“While the Arroyos are rushing to leave the country, President Aquino was twiddling his fingers in decisively filing cases in court against them not only for big time corruption and unmitigated plunder but also for the most heinous violations of basic human rights,” he said.

Make GMA accountable for her crimes

Government employees are also outraged over Macapagal-Arroyo’s attempts to leave on what they said was a the dubious pretext of seeking medical treatment abroad.
Ferdinand Gaite, president of the Confederation for the Unity, Recognition and Advancement of Government Employees (COURAGE) said the issue goes beyond simply restricting the ex-president’s right to travel.

“She’s not an ordinary citizen, her regime was marked with gross human rights violations, rampant graft and corruption and a culture of impunity that permeated many aspects of our society. We will not be swayed by her attempts to solicit sympathy—we demand that she and her cronies be made accountable for their crimes against the Filipino people,” he said.

Gaite also decried the Aquino administration’s “incompetence and insincerity” in prosecuting Arroyo and her cronies.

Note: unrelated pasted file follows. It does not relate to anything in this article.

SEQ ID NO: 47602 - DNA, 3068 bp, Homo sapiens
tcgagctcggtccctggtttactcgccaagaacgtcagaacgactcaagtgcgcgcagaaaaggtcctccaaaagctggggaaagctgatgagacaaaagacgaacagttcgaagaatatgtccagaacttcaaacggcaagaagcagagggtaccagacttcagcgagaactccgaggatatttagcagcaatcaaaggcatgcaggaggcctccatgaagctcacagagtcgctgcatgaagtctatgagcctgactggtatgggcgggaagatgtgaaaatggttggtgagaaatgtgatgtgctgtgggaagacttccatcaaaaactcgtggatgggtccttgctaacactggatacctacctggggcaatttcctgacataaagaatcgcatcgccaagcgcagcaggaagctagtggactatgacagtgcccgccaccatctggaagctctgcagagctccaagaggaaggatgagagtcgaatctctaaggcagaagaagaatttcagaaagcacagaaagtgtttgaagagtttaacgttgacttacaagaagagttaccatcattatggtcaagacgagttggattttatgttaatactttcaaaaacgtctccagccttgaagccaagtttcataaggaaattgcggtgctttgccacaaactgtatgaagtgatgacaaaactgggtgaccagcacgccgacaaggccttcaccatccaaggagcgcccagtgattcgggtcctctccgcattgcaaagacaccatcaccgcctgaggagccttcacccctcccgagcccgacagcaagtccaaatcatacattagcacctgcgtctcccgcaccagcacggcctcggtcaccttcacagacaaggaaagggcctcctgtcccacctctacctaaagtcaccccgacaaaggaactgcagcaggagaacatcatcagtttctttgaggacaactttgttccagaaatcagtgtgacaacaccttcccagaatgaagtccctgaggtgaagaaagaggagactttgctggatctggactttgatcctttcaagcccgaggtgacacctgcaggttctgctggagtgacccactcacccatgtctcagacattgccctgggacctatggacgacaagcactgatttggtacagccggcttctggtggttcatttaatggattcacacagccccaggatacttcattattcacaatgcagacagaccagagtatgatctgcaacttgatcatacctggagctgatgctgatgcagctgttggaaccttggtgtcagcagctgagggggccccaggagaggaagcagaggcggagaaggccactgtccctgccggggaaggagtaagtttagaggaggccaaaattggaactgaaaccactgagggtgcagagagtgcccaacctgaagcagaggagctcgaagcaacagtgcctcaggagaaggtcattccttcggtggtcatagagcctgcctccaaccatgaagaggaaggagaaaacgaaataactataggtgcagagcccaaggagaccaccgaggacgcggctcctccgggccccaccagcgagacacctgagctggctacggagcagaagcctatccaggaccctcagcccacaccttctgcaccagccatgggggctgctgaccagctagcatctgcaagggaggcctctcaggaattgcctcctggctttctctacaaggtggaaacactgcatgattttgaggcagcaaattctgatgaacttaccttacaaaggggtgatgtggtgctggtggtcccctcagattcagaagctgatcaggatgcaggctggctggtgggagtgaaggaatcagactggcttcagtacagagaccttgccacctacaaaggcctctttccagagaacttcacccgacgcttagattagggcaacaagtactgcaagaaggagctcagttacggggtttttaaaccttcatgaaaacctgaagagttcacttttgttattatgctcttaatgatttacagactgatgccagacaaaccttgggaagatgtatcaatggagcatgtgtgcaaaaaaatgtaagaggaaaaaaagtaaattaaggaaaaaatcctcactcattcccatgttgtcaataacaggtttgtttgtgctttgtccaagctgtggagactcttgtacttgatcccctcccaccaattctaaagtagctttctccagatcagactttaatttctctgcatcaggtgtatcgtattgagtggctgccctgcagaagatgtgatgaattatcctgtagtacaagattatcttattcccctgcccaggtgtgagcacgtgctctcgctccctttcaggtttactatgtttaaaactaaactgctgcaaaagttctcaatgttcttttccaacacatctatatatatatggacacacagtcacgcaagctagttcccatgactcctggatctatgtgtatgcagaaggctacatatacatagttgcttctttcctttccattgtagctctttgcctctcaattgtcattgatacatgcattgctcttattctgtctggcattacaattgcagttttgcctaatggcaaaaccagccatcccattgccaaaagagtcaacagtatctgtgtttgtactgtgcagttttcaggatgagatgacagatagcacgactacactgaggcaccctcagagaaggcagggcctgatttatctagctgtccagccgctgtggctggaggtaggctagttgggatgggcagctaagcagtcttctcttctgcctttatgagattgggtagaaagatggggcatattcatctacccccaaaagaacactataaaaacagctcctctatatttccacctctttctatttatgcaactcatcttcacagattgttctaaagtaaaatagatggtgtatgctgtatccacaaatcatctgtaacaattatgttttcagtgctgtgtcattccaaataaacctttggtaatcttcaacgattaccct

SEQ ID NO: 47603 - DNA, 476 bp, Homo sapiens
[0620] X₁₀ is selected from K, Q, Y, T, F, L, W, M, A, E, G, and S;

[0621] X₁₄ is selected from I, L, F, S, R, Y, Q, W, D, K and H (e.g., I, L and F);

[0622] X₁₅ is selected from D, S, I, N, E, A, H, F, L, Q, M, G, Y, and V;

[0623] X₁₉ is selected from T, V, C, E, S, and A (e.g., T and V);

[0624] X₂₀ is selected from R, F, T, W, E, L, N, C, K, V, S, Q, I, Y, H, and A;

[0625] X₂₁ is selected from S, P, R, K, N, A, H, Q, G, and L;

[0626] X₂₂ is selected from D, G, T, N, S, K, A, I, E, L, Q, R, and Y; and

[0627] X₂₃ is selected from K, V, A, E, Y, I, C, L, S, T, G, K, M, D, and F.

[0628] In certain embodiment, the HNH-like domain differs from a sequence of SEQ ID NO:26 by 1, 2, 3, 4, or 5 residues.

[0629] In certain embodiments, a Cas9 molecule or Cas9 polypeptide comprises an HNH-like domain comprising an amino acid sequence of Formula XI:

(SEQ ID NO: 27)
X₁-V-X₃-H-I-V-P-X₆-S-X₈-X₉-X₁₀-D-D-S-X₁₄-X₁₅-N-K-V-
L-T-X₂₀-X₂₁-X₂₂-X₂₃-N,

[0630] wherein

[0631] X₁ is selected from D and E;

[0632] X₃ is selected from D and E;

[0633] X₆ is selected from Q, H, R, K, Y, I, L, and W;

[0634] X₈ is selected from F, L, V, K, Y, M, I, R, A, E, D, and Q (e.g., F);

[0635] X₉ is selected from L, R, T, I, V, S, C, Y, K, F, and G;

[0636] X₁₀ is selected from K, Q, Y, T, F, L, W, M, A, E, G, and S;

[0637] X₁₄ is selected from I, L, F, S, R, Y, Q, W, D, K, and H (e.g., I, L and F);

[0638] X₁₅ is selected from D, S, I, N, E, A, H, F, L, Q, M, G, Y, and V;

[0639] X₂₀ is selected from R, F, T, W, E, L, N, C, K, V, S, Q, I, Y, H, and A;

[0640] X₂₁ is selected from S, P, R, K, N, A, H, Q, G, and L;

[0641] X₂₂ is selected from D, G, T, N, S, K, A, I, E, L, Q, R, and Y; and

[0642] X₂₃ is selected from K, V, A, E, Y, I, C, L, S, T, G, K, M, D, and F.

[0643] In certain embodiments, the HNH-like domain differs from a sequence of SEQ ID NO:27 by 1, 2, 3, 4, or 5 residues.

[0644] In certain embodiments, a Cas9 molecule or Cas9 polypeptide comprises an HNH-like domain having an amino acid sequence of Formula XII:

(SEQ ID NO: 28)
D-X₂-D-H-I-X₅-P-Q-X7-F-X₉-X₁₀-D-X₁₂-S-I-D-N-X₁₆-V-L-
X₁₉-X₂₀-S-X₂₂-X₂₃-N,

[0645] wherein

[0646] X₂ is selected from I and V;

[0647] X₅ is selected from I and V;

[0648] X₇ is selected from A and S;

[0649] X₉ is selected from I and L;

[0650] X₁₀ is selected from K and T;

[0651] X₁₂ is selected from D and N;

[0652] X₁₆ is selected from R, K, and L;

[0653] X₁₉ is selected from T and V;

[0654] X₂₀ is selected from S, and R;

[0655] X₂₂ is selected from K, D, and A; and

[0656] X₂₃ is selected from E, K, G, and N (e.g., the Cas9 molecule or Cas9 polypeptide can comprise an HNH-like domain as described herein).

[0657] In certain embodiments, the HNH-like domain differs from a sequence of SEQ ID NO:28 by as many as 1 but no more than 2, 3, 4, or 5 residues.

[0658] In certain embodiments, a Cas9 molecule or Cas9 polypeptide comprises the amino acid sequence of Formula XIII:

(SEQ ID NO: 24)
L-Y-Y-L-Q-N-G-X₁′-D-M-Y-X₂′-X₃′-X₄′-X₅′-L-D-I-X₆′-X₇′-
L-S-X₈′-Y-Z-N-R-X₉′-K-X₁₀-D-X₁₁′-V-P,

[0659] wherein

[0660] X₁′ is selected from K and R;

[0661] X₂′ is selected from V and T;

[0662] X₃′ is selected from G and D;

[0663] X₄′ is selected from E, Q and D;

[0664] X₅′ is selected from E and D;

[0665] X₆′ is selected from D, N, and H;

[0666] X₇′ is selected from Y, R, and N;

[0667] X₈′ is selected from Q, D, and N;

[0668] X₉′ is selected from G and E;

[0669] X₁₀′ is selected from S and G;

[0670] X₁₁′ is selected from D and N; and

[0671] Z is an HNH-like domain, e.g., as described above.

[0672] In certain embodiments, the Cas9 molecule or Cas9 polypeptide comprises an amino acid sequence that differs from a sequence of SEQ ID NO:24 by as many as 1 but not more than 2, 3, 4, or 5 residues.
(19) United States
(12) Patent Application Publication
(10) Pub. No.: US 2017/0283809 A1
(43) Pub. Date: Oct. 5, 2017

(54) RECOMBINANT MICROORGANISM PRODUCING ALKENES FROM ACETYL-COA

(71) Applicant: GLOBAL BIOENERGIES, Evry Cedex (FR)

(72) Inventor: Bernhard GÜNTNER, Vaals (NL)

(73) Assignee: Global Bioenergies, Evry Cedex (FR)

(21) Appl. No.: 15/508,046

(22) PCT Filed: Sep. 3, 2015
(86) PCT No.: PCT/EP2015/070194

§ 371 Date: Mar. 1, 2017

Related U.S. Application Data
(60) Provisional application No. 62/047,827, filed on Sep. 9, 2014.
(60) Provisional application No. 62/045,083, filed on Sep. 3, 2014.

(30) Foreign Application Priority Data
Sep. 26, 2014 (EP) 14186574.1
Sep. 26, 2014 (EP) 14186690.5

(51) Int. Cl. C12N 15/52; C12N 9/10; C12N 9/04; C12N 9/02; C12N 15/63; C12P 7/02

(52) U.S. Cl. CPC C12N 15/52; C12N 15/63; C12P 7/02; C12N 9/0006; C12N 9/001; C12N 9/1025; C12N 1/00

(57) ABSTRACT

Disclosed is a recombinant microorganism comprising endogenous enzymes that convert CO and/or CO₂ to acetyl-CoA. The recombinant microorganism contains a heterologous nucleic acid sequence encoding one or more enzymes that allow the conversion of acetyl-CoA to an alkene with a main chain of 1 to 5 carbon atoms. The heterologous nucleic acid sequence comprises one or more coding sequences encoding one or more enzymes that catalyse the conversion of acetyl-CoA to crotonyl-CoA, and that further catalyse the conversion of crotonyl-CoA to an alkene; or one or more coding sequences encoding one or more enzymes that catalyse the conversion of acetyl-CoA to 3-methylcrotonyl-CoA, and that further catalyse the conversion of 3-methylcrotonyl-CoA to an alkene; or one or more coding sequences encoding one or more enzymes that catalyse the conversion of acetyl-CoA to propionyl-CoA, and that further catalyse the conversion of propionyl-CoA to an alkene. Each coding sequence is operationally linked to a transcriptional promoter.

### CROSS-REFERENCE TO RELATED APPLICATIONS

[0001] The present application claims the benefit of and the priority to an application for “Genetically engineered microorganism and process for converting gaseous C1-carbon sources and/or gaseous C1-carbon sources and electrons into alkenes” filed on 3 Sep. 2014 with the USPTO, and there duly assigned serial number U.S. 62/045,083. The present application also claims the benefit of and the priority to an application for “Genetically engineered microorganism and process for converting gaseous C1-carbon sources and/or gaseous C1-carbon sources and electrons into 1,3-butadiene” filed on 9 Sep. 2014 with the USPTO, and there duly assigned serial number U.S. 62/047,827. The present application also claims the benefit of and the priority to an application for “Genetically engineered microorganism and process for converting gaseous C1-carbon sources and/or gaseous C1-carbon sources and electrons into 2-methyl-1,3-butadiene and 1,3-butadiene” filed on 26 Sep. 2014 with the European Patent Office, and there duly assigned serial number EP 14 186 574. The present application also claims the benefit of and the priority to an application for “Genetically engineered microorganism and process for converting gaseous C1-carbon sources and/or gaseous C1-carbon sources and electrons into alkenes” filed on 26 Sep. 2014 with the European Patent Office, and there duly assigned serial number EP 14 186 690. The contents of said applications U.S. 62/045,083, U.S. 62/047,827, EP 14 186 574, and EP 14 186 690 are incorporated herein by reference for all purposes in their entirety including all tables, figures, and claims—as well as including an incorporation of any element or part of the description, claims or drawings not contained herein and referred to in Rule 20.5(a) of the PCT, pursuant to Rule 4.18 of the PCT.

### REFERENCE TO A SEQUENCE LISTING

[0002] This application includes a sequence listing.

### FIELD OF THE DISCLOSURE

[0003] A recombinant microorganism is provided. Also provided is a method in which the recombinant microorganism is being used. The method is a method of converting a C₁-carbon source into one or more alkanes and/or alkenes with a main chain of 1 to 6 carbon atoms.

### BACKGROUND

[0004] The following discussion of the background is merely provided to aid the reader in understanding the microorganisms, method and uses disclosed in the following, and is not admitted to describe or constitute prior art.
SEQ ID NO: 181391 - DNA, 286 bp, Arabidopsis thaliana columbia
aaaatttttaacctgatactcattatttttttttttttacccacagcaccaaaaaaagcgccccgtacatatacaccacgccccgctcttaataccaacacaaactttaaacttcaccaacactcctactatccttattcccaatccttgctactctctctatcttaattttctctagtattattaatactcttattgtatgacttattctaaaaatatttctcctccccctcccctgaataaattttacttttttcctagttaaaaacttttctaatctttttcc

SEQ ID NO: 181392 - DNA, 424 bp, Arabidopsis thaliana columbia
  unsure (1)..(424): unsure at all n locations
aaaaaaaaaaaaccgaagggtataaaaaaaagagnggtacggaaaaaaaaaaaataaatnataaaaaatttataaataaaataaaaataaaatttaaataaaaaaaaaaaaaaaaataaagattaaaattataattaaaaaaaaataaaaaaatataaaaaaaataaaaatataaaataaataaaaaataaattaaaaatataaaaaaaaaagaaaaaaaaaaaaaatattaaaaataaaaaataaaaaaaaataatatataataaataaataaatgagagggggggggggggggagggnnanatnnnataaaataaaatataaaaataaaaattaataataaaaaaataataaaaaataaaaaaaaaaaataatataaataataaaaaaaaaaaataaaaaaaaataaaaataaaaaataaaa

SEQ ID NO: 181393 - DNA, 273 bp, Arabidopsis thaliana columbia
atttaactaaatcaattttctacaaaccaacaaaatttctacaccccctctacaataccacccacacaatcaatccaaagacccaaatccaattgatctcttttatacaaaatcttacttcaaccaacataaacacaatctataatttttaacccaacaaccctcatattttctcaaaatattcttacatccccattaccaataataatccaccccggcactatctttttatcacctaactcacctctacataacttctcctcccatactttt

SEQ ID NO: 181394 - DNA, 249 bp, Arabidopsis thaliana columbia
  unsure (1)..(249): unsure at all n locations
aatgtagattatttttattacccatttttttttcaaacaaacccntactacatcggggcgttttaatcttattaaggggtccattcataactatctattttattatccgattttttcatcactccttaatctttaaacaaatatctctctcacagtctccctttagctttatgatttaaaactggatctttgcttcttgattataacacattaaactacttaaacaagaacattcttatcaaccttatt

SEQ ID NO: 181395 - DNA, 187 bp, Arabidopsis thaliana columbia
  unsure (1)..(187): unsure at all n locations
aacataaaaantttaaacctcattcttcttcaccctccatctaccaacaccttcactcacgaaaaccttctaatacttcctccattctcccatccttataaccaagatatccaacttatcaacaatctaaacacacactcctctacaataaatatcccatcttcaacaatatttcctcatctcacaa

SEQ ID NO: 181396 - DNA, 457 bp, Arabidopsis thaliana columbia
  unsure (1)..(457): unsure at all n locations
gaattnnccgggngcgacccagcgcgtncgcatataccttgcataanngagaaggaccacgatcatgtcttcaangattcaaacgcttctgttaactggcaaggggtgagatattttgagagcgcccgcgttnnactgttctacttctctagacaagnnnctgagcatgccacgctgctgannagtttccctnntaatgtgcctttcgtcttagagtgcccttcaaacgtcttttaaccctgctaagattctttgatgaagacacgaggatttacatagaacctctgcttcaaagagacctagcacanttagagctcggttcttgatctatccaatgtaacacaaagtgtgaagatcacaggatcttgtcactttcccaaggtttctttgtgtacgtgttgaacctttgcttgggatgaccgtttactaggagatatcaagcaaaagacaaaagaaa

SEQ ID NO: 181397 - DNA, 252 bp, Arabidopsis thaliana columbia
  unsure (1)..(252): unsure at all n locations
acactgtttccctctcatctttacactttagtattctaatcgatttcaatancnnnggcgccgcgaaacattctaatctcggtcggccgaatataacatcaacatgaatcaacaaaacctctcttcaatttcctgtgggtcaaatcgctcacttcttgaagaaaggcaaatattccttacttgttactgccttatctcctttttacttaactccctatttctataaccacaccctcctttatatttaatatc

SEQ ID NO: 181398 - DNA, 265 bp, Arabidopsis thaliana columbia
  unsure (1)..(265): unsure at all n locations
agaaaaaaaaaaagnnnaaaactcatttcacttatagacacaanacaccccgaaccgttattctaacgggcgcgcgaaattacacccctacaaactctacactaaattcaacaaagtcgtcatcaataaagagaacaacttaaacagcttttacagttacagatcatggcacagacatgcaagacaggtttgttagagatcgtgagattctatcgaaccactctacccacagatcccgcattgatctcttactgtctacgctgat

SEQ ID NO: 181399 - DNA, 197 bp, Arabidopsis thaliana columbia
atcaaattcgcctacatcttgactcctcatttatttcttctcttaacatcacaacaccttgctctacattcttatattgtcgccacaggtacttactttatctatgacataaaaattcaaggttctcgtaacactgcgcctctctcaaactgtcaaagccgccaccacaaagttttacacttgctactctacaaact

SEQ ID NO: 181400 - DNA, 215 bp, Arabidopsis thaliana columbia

“The Aquino administration is more concerned about scoring “pogi points” and good publicity through empty gestures and rhetoric rather than genuinely granting justice to the victims of the Arroyo regime. Aquino won the presidency on the premise that he was different from his predecessor, that he would go after corrupt bureaucrats and hold them accountable for their crimes. More than a year after he was sworn into office and despite his constant verbal attacks on his predecessor, Aquino has done absolutely nothing to prosecute Macapagal-Arroyo for the nine years of impunity that plunged the country into unparalleled crisis,”he said. and international human rights bodies. ()